As I reflect on the last 23 years of my career in the dental industry it is evident that things have changed. We just don’t do things the way we used to. Just one example, when I was in dental lab school we poured stone into our impressions, but with digital technology on the rise we now have many dental labs that have gone completely model less with the help of digital impressions. If someone had told me back then that we would be printing models from digital impressions in the near future I would have told them that they were crazy. But here we are, immersed in digital technology and printing models. Embracing these changes come easier for some than others. For those that fear or fight the change, I would like to encourage you to embrace it; Socrates said, “The secret of change is to focus all of your energy, not on fighting the old, but on building the new.”

With that being said, intraoral scanners (IOS) are making their way into more and more dental offices across the United States. This means that you, as a lab partner, need to be equipped to accept those digital impressions. If you haven’t bought into digital technology for your dental lab, you need to or you will risk losing accounts as your doctor’s embrace taking digital impressions, which provide patient comfort and achieve greater accuracy. Here is why you should proactively discuss digital impressions with your doctor.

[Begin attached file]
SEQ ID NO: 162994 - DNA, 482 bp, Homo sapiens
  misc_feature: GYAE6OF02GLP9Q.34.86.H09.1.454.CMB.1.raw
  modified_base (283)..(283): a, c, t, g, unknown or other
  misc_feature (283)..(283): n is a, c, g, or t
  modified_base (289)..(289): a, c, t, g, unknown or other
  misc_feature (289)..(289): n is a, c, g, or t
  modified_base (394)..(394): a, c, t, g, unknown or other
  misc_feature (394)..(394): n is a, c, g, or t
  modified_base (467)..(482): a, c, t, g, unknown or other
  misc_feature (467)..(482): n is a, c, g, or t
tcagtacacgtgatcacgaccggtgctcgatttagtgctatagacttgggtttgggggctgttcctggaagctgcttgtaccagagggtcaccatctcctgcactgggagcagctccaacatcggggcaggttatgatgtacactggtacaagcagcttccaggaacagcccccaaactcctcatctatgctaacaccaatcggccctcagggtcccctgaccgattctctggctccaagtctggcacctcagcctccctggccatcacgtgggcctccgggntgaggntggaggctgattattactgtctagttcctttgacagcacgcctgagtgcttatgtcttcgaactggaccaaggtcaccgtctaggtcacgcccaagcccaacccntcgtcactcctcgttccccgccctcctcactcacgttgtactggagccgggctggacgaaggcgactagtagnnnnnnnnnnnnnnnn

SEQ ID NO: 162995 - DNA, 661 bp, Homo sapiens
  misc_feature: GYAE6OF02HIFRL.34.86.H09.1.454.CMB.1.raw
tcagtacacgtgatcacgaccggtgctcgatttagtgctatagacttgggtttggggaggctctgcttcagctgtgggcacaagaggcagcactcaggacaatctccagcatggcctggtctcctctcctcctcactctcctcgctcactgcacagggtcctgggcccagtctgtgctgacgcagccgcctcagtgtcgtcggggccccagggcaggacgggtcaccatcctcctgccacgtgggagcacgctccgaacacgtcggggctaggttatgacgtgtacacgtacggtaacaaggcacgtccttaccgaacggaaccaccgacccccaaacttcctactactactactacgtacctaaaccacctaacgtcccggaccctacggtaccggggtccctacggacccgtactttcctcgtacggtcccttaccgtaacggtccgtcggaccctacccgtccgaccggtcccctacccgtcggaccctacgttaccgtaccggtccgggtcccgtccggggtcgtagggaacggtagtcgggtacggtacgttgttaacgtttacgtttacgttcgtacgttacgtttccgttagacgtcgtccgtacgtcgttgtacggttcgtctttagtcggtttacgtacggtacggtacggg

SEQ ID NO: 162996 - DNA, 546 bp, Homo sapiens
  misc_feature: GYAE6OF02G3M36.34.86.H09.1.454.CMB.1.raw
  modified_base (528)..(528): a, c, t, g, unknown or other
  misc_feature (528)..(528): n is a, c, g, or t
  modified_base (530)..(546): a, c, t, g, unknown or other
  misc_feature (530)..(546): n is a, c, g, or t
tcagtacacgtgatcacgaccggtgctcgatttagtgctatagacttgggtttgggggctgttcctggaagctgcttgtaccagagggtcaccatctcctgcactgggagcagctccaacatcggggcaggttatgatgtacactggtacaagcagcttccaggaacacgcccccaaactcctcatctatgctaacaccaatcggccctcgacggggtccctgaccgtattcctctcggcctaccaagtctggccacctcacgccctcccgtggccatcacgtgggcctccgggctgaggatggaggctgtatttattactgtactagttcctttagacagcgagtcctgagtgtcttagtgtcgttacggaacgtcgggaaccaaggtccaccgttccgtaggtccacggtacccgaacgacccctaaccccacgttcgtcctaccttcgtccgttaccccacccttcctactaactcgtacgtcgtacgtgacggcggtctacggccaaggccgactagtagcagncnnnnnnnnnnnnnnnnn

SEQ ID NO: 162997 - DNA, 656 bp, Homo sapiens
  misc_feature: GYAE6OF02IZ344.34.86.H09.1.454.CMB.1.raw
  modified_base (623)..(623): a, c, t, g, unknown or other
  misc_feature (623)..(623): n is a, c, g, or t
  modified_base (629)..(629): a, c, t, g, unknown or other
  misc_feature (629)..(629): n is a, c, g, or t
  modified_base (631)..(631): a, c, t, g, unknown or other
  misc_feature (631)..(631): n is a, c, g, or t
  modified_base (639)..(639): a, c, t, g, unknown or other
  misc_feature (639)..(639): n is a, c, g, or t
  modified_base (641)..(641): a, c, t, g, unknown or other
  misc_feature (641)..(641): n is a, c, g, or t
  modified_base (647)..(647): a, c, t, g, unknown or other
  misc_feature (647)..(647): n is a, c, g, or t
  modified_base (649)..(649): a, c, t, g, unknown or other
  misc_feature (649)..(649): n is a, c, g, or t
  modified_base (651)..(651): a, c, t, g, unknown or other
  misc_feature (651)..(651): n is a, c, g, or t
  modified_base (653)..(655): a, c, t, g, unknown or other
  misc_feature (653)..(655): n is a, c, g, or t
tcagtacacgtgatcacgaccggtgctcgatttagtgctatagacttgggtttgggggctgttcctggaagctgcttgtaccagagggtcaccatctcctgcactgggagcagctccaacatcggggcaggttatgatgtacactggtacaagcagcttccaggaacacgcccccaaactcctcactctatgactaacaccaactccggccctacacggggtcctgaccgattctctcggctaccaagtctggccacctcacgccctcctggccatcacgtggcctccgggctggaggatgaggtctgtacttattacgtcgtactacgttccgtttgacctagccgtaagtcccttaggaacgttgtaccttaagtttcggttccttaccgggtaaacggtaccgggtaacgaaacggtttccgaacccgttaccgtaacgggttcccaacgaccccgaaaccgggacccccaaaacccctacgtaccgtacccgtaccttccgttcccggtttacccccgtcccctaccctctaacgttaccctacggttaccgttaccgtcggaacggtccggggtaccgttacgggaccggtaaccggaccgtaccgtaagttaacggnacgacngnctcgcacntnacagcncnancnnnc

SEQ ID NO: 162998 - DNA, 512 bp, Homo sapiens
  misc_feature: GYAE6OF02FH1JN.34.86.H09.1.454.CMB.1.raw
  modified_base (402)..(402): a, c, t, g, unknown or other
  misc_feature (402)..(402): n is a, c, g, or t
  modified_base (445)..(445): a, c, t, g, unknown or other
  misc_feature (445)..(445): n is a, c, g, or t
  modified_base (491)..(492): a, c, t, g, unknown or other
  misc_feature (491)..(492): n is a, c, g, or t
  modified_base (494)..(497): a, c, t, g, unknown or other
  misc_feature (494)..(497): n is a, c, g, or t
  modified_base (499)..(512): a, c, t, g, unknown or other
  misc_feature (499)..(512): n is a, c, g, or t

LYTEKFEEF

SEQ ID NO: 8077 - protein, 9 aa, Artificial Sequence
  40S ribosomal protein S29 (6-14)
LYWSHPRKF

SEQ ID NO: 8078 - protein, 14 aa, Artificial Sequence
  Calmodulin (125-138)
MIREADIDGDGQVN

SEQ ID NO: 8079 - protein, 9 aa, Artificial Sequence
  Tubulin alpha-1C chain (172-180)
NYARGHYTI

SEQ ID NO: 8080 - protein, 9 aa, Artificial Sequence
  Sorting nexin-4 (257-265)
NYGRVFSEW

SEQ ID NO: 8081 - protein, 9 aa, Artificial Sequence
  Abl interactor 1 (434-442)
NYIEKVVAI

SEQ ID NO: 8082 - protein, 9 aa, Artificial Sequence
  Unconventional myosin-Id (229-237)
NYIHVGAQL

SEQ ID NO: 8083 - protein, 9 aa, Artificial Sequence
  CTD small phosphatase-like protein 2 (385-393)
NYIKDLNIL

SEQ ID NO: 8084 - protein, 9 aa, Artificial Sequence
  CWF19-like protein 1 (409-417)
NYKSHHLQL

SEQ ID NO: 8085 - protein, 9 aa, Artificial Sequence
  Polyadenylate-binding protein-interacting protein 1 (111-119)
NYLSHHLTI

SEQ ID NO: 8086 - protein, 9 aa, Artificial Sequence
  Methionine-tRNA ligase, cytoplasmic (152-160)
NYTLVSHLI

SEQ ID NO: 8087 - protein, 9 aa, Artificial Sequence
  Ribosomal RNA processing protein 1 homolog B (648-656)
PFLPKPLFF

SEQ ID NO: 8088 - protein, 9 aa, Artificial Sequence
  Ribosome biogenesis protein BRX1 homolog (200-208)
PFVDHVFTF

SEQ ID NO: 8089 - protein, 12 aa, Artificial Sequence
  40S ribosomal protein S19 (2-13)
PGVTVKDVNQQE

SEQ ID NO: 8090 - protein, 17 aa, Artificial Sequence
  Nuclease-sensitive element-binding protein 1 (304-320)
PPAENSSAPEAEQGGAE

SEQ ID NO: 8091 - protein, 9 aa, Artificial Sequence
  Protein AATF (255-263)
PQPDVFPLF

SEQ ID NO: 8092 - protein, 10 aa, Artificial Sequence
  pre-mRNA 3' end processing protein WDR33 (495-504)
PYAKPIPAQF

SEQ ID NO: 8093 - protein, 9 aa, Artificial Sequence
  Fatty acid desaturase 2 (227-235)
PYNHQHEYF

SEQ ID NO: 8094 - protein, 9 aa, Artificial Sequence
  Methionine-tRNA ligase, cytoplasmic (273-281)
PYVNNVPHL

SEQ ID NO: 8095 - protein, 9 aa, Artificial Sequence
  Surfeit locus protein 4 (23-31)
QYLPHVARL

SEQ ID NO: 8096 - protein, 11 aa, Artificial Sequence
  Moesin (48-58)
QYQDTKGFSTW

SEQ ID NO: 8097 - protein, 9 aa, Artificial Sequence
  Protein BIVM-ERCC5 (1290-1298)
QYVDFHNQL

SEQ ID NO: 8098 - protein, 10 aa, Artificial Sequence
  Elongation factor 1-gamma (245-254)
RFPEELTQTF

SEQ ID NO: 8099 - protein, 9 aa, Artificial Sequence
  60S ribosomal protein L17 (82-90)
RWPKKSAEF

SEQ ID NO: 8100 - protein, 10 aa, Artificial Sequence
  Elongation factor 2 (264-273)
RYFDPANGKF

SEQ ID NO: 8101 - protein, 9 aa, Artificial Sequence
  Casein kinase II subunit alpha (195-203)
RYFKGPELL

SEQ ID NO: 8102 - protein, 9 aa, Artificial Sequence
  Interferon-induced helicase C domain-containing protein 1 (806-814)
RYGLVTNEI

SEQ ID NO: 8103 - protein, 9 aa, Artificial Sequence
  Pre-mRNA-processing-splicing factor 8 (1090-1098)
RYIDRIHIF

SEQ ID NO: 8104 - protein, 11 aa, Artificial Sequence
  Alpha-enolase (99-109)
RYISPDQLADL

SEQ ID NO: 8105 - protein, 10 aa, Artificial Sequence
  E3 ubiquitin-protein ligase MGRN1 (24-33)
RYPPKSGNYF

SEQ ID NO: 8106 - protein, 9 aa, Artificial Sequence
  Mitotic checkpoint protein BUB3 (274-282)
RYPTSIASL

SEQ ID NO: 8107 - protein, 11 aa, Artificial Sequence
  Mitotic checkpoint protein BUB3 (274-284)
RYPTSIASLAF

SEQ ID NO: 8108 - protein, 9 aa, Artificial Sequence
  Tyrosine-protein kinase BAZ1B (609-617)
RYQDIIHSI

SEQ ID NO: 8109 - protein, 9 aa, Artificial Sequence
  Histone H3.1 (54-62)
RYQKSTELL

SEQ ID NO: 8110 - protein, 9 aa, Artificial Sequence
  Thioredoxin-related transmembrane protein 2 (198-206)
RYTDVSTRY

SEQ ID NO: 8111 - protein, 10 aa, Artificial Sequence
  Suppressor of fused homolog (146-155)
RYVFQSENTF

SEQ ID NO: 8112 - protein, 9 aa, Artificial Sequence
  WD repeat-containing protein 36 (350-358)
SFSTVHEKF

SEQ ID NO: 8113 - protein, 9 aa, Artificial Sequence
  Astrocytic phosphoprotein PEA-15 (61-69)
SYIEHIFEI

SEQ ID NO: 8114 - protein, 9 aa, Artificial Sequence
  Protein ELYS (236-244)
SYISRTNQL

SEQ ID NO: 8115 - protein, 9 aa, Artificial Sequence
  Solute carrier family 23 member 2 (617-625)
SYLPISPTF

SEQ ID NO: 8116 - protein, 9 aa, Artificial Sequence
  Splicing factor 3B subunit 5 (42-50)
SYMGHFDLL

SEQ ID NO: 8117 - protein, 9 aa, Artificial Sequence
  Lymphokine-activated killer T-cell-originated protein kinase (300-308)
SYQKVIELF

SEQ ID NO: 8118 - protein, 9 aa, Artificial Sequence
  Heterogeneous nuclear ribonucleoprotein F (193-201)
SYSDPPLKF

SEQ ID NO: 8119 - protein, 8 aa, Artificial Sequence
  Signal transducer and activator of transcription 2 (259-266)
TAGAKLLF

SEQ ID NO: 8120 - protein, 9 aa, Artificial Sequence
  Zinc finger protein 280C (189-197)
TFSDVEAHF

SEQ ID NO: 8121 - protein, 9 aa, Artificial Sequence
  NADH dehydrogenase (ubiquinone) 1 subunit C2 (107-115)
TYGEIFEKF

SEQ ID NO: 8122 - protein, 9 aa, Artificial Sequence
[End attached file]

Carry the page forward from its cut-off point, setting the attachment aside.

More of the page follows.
1. Not all intraoral scanners can provide an easy transaction for the laboratory. Depending on which scanner you have in your lab, you could be faced with steep fees from the manufacturer of your doctor’s intraoral scanner. For example, if you are not a lab partner with that manufacturer you would have to pay up to $5,000 just to be able to open the file and print your model in-house or use the model printing partner of your choice.
  2. Educate yourself on the different IOS systems on the market so that you can guide your doctor into making a purchasing decision that will be mutually beneficial to them as well as you, their lab partner.

To further the importance of dentist-lab communication, the article “Understanding the Potential Of Digital Intraoral Scanner & Benchtop Scanning Workflows”, published by Compendium, Dr. Curtis E. Jansen discusses this topic. He states that there is an importance of understanding the architecture of CAD/CAM systems and that barriers among different equipment & software companies can hinder the use of data. In addition, he stresses the importance for dentists to communicate with their dental lab partners when making decisions around new digital technology.

As digital technology presents a stronger presence in the dental industry, dental laboratories need to arm themselves with knowledge, embrace technology and proactively discuss digital impressions with their doctors. The future of your dental lab may depend on it. 

Photo courtesy of 3Shape A/S.



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